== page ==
Provided by Gwangju Institute of Science and Technology (GIST)

Reseachers Developed Colloidal Quantum Dot Photovoltaics Using Ultrathin, Solution-Processed Bilayer In2O3/ZnO Electron Transport Layers with Improved Stability (Material Science)

Colloidal quantum dots are tiny semiconductor particles capable of absorbing light over a broad range of wavelengths. Because these dots are easy to mix into liquid solvents, researchers have used them as ‘solar inks’ that can be printed onto bendable plastic sheets. However, early prototypes revealed that exposure to air and ultraviolet radiation degraded the cell’s ability to transform sunlight into electricity.

A lead sulfide quantum dot with long-chain surface ligands. Solar cells made with quantum dots show great promise as the next generation photovoltaic technology, but need to demonstrate long-term stability. Credit: KAUST, Ahmad Kirmani

The latest quantum dot solar cells sandwich the tiny particles between two films referred to as either electron- or hole-transporting layers. These coatings are designed to quickly extract negative or positive charges generated by photoexcited dots to an external circuit. In addition, the layers provide much-needed protection against external elements.

Schematic showing a control solar cell with a thick zinc oxide electron-transport layer (ETL) (left) and a solar cell employing the ultrathin and stable electron-transport layer developed in this work (right). SEM images are behind each schematic. Credit: KAUST 2020; Ahmad R. Kirmani

Kirmani and his colleagues realized that reducing the size of the electron-transporting layer could boost quantum dot solar cell performance. These films often comprise ultraviolet-sensitive materials, such as zinc oxide, and typically need to be more than 100-nanometers thick to prevent formation of defects that may short out the device. In contrast, thinner films are more desirable because they can extract photogenerated electrons at higher speeds.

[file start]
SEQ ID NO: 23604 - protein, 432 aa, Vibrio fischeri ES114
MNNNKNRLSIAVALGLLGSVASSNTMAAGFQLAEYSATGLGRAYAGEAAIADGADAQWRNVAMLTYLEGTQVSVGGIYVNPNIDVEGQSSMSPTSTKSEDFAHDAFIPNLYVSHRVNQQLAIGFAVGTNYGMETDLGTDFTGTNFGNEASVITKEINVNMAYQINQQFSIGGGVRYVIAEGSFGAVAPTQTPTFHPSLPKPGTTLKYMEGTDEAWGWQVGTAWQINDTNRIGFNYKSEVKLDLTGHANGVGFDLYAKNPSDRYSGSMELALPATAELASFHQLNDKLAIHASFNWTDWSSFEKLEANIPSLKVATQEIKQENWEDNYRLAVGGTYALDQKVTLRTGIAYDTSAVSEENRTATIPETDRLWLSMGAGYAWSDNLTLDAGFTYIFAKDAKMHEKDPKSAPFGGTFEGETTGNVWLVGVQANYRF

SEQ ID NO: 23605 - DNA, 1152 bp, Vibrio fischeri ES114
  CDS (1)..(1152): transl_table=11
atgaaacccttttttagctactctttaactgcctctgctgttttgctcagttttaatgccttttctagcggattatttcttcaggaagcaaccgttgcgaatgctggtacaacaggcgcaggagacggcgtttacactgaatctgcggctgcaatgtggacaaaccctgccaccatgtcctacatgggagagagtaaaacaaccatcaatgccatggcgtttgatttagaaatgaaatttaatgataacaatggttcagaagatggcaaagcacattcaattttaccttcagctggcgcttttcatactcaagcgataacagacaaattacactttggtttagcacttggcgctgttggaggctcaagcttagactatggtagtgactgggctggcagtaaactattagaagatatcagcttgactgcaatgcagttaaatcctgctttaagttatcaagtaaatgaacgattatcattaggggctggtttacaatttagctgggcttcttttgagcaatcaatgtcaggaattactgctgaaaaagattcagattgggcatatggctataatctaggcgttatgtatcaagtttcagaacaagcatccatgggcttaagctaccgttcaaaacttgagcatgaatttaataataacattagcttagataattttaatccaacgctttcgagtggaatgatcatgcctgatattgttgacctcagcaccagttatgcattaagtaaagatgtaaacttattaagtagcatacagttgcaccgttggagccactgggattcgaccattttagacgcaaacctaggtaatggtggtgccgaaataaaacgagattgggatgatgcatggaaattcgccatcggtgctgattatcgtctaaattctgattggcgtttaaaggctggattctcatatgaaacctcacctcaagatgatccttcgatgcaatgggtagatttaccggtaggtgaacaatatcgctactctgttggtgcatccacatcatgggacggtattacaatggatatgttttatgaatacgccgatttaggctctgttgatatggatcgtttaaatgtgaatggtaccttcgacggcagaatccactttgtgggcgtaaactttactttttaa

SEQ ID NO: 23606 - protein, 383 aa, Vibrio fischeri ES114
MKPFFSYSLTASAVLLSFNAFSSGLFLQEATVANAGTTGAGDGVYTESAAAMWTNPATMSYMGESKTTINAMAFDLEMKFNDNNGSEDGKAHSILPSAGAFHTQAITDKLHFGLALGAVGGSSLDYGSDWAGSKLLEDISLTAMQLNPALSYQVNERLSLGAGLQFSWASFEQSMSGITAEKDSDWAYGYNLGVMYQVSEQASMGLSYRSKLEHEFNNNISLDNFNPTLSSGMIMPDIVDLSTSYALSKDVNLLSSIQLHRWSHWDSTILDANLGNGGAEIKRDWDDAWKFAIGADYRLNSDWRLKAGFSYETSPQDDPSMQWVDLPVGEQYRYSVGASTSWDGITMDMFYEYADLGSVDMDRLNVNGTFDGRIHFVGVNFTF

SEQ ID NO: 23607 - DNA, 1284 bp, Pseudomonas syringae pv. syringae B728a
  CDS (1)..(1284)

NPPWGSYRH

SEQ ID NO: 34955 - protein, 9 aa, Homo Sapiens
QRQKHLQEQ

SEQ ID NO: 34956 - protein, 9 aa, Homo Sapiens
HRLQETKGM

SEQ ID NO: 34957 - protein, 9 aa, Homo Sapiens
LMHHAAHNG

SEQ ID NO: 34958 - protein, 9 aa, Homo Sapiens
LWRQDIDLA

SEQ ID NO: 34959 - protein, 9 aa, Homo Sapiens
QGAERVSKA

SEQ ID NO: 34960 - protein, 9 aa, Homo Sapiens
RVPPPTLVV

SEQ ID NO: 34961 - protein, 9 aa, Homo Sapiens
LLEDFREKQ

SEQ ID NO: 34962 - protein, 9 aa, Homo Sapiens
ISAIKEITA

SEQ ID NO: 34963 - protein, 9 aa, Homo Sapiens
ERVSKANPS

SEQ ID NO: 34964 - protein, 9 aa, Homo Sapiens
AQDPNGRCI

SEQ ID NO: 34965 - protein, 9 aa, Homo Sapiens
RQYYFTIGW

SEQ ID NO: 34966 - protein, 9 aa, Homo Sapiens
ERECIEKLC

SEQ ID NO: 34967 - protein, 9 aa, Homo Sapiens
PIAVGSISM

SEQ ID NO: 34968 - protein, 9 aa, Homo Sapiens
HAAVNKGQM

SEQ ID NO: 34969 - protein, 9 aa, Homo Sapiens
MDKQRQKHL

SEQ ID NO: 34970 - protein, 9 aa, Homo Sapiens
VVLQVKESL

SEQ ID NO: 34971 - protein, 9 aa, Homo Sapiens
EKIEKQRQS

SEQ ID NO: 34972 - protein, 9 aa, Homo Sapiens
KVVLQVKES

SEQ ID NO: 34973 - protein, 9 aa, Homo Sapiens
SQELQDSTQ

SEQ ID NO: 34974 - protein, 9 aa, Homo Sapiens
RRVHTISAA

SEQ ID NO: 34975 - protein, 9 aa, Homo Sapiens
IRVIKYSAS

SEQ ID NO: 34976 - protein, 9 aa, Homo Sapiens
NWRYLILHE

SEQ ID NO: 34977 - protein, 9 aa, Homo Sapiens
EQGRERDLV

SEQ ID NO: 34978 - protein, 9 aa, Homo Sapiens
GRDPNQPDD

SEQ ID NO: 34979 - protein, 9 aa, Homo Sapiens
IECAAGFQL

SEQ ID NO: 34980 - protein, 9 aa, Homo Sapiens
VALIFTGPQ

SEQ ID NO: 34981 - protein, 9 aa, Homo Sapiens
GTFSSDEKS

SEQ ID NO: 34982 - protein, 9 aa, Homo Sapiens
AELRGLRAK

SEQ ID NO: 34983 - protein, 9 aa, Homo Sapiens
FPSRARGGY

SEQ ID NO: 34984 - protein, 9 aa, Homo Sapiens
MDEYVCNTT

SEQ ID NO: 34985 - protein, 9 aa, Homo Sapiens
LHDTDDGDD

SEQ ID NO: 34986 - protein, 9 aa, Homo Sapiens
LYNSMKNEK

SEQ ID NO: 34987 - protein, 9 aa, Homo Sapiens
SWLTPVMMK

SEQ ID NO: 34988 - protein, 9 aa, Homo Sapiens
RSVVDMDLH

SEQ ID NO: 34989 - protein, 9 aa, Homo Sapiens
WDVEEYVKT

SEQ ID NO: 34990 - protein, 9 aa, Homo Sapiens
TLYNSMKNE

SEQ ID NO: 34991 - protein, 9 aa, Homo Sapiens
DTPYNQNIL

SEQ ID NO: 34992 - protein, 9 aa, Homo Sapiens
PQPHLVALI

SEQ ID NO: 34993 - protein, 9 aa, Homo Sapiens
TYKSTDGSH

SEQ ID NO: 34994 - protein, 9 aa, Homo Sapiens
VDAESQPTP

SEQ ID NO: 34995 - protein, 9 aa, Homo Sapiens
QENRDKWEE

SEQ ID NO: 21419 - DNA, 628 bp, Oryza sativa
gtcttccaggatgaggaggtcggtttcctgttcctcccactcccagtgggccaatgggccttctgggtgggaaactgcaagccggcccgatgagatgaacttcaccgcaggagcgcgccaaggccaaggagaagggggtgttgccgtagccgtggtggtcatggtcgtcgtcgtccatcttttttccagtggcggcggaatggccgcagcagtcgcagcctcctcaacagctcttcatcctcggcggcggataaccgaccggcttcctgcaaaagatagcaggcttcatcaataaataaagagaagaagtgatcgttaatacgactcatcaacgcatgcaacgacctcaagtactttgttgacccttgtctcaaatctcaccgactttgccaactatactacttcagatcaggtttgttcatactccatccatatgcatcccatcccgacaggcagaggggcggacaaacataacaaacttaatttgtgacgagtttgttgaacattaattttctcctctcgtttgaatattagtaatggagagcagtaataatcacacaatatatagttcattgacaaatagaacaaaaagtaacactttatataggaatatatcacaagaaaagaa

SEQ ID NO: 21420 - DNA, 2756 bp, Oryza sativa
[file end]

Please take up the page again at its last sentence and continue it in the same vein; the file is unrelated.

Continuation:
The KAUST team developed a two-step technique to produce ultrathin films that are smooth enough for efficient electron collection. First, they deposited an indium oxide coating onto a transparent electrode to promote highly ordered film growth. A second deposition of zinc oxide, only 20-nanometers high, sealed up any porous defects and generated an extremely uniform interface.

They found that this bilayer ETL results in solar cells with significantly improved overall stability without compromising performance, with an 11.1% power conversion efficiency hero device. While, comparisons with a control device demonstrated that the ultrathin electron-transporting layer worked just as efficiently as a thicker zinc oxide film. Surprisingly, the mix of zinc and indium oxides in the new solar cell prolonged its shelf life, operational stability and tolerance to ultraviolet rays—advantages that the team attributes in part to enhanced optical transmittance through the device.

References: Ahmad R. Kirmani et al. Colloidal Quantum Dot Photovoltaics Using Ultrathin, Solution-Processed Bilayer In2O3/ZnO Electron Transport Layers with Improved Stability, ACS Applied Energy Materials, 3(6), (2020). DOI: 10.1021/acsaem.0c00831 link: https://pubs.acs.org/doi/10.1021/acsaem.0c00831